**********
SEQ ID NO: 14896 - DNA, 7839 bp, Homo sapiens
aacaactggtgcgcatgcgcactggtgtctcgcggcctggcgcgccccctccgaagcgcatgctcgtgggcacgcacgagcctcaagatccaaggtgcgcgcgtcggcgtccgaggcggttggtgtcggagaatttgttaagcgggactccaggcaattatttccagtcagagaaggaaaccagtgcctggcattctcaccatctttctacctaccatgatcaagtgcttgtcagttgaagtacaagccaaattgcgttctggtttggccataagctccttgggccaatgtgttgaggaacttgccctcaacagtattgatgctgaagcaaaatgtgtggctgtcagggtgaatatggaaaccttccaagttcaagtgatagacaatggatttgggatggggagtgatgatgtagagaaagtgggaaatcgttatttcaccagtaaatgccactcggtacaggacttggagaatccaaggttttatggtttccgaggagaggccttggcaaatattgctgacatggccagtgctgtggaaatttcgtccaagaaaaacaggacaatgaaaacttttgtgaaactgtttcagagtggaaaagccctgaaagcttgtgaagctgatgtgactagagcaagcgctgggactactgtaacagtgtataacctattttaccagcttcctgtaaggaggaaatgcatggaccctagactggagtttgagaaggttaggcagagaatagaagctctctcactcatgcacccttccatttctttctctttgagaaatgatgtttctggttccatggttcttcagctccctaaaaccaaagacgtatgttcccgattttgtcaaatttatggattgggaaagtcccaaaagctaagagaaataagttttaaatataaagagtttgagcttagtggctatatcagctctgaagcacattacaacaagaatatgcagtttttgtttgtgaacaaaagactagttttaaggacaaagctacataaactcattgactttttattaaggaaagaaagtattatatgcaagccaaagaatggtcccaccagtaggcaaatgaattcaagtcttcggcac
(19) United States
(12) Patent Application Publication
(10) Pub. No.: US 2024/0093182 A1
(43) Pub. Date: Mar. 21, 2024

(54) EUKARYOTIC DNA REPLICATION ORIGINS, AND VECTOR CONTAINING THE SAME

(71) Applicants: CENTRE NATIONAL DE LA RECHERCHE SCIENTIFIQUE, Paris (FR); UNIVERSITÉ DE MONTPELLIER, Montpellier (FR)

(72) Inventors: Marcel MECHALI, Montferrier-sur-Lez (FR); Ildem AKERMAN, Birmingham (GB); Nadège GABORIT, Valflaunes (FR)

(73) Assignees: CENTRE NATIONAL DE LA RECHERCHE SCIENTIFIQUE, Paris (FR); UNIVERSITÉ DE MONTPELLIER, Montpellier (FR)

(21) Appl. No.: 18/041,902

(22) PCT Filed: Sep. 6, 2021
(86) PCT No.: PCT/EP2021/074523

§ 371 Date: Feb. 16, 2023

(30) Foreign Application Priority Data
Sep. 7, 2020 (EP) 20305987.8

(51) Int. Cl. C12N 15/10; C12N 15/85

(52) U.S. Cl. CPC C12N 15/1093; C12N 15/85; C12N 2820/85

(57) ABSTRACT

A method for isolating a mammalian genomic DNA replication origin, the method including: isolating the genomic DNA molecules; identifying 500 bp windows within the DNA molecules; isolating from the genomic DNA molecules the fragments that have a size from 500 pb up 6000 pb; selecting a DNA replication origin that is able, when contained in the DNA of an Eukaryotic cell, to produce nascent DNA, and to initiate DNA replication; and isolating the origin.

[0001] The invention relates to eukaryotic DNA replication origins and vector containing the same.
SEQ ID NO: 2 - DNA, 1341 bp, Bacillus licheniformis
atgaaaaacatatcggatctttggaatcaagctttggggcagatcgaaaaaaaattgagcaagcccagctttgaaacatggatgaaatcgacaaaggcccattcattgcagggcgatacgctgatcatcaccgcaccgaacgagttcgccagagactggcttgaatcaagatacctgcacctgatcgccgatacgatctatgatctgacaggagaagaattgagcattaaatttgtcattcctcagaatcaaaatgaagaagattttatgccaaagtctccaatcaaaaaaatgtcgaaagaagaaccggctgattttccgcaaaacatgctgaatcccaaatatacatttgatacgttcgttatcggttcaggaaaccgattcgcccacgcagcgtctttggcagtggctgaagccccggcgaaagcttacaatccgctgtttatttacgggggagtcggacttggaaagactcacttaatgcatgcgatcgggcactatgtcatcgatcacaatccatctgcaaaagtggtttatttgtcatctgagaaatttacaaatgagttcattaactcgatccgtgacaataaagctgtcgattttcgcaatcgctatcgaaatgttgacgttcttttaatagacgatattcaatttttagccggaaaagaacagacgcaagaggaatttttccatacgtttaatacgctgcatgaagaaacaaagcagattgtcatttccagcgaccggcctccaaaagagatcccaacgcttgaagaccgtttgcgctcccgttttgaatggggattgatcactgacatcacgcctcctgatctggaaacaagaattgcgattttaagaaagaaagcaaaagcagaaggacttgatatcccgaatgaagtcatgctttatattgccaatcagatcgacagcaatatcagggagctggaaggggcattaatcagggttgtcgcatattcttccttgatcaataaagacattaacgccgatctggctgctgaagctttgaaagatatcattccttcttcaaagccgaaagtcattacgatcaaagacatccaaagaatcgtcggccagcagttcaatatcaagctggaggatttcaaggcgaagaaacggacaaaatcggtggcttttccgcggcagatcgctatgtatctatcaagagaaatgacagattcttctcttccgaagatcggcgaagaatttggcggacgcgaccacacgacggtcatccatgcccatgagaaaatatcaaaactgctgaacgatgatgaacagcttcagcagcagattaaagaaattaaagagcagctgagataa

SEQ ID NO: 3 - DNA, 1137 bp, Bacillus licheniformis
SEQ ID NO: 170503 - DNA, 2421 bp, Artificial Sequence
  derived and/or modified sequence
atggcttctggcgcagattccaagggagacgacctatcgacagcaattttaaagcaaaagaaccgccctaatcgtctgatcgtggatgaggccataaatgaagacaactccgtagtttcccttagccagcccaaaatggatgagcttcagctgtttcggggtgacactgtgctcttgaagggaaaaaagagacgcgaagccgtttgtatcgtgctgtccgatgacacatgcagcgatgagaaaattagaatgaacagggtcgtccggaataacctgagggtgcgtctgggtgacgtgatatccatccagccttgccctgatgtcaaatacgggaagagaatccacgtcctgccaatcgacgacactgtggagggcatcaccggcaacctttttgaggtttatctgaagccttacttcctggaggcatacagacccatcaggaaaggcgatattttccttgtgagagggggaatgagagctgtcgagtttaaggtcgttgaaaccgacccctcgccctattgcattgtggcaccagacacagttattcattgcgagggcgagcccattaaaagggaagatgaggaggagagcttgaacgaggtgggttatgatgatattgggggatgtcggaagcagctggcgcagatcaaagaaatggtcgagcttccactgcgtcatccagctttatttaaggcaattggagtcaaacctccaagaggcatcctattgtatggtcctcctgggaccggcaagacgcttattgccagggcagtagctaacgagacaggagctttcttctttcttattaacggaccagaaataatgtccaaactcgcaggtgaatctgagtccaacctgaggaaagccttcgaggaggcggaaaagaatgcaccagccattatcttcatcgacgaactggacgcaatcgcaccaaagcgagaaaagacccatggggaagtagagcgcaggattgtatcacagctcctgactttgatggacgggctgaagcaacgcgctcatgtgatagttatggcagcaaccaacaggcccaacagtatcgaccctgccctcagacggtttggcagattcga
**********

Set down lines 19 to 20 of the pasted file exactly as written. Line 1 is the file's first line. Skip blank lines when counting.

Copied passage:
(57) ABSTRACT

A method for isolating a mammalian genomic DNA replication origin, the method including: isolating the genomic DNA molecules; identifying 500 bp windows within the DNA molecules; isolating from the genomic DNA molecules the fragments that have a size from 500 pb up 6000 pb; selecting a DNA replication origin that is able, when contained in the DNA of an Eukaryotic cell, to produce nascent DNA, and to initiate DNA replication; and isolating the origin.